• We also ask that you consider a donation to EPI's Yellowstone Wildlife and Winter Ecology program, so that our team can continue to bring students to the area, at a critical time in the park's history, and support the local businesses that are suffering most right now.

  • If you're a middle, high school, or college student, we invite you to come on course with us this summer! EPI has connected 2900+ students and educators to GYE both local and from across the globe since 2005, and we're so excited to continue to provide education in this incredible ecosystem in 2022.

"EPI has connected 2900+ students and educators to GYE both local and from across the globe since 2005, and we're so excited to continue to provide education in this incredible ecosystem in 2022."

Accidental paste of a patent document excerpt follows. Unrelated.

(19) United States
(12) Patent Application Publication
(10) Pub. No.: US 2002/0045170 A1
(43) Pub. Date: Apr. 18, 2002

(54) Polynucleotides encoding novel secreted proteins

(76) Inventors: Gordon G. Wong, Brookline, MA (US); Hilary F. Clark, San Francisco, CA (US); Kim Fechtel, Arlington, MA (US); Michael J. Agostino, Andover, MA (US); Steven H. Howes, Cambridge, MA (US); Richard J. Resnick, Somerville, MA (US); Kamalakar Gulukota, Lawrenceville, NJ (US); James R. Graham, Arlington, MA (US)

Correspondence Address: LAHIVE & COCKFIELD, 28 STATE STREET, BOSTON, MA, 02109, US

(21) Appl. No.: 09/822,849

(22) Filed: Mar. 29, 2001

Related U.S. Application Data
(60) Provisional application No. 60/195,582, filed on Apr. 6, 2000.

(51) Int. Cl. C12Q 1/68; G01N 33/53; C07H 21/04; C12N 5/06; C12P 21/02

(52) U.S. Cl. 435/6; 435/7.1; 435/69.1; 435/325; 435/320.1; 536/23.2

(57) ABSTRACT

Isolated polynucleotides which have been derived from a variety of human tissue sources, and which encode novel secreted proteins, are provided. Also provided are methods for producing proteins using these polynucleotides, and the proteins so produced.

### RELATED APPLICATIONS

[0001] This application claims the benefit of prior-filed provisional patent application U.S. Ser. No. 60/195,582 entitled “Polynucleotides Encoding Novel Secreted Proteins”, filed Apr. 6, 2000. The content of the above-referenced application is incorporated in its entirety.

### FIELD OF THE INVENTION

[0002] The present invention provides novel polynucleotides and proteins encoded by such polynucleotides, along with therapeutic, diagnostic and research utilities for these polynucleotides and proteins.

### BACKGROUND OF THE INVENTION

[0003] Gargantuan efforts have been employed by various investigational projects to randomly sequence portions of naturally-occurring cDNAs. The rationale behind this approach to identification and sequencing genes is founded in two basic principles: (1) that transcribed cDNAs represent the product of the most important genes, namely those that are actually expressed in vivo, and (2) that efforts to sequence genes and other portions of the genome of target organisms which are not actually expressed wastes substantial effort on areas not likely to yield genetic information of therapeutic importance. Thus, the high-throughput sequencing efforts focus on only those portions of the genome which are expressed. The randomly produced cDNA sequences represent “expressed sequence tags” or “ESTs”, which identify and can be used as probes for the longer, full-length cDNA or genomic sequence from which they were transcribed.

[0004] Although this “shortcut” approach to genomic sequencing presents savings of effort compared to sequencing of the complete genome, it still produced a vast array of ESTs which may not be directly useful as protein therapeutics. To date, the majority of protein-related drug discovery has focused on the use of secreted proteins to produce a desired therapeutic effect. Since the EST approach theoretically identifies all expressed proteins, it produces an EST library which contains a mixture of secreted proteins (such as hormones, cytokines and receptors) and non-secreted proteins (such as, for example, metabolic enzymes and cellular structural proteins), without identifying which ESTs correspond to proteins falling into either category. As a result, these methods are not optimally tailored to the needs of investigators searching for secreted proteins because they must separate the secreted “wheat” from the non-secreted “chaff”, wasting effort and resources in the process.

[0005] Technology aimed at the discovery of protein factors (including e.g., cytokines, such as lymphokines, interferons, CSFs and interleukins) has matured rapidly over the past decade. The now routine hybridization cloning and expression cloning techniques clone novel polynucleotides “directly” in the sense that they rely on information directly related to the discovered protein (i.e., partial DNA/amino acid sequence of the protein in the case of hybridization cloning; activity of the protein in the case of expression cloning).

SUPPORTING YELLOWSTONE COMMUNITIES

If you'd like to support disaster relief efforts that directly support Yellowstone National Park and the surrounding communities, here are some other ways you can help:

  • Yellowstone Forever - the official nonprofit partner of the park - has launched the Yellowstone Resiliency Fund that will provide immediate and flexible funding for the most pressing needs of the park community.

  • The Yellowstone Community Fund will help families impacted by the flood damage in Gardiner, Montana. Supporters can send checks made out to Yellowstone Community Fund to Jim Halfpenny at PO Box, 989, Gardiner, MT 59030.

  • Consider planning a trip to the area later this summer or fall. Although some of Yellowstone National Park is currently closed, the communities outside the park offer many of the same incredible mountain scenery, abundant wildlife watching, and exciting outdoor recreation activities.